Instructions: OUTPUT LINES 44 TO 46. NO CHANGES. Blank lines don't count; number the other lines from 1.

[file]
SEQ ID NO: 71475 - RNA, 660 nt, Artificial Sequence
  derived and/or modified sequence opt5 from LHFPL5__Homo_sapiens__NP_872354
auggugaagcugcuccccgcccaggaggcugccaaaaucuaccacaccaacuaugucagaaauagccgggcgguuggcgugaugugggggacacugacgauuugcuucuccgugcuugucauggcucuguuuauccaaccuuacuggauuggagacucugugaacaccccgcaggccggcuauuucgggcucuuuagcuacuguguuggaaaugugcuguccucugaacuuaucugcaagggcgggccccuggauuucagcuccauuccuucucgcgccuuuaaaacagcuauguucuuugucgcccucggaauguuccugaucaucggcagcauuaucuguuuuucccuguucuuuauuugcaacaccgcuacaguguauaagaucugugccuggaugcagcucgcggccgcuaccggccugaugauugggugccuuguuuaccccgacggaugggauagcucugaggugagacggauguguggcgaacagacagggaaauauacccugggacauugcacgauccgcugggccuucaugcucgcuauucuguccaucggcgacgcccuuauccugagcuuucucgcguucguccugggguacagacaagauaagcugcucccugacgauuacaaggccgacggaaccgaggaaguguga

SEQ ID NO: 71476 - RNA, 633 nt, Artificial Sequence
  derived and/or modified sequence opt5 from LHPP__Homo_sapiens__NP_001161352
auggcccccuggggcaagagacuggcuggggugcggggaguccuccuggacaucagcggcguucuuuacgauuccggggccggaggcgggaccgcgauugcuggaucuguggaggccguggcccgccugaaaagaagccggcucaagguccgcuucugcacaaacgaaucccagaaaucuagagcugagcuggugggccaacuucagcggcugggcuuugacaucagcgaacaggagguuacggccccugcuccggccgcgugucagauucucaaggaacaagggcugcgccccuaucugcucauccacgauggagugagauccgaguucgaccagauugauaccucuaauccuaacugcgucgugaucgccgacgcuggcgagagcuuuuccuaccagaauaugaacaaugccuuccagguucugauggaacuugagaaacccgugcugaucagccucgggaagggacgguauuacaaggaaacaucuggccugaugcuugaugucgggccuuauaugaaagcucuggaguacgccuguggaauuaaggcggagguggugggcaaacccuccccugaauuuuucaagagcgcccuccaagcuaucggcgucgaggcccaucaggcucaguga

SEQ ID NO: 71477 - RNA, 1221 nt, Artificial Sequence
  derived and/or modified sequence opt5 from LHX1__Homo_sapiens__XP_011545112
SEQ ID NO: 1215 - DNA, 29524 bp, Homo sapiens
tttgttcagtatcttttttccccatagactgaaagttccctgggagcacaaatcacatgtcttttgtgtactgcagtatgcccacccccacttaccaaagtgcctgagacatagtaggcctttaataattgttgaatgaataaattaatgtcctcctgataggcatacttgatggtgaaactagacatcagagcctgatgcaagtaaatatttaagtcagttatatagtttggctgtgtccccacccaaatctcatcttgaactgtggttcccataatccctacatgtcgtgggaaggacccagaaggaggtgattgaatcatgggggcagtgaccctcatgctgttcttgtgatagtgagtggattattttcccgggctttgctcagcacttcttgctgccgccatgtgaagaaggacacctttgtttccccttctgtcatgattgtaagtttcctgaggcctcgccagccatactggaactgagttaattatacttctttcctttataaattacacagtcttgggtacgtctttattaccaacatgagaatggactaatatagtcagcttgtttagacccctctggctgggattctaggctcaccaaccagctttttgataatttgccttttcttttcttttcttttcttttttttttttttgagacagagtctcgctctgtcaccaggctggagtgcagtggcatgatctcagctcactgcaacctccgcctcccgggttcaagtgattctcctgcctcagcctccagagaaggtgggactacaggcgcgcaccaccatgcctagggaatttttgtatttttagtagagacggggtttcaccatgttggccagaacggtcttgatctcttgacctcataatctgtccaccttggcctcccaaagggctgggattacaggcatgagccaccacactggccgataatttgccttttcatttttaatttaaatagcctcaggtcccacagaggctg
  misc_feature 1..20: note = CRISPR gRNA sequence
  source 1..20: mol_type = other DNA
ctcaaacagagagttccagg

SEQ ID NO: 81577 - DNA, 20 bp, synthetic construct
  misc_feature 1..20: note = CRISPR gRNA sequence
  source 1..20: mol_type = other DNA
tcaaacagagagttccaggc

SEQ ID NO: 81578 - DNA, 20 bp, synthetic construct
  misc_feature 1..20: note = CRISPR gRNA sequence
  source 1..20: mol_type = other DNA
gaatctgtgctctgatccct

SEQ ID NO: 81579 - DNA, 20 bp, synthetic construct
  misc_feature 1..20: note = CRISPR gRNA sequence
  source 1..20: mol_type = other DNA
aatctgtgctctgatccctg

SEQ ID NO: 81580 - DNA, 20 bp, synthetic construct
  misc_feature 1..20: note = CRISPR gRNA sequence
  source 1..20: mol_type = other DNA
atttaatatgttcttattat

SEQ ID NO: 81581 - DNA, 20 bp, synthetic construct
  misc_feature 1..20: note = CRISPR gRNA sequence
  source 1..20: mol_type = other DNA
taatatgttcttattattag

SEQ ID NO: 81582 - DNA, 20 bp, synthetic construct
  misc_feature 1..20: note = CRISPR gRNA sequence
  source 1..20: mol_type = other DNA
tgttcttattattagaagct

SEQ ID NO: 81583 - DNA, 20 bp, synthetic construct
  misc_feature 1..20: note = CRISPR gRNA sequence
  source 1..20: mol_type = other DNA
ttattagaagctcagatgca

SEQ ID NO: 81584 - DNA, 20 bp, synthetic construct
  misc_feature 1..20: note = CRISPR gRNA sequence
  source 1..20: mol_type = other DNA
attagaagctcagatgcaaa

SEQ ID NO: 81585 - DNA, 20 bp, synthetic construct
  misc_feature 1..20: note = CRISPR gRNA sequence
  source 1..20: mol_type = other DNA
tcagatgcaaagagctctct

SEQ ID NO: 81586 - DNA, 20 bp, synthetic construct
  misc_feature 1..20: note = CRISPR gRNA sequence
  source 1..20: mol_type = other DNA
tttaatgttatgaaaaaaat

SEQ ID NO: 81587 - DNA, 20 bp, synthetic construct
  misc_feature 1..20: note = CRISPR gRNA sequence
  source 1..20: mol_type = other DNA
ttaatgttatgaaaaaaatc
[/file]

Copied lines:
  source 1..20: mol_type = other DNA
attagaagctcagatgcaaa

SEQ ID NO: 81585 - DNA, 20 bp, synthetic construct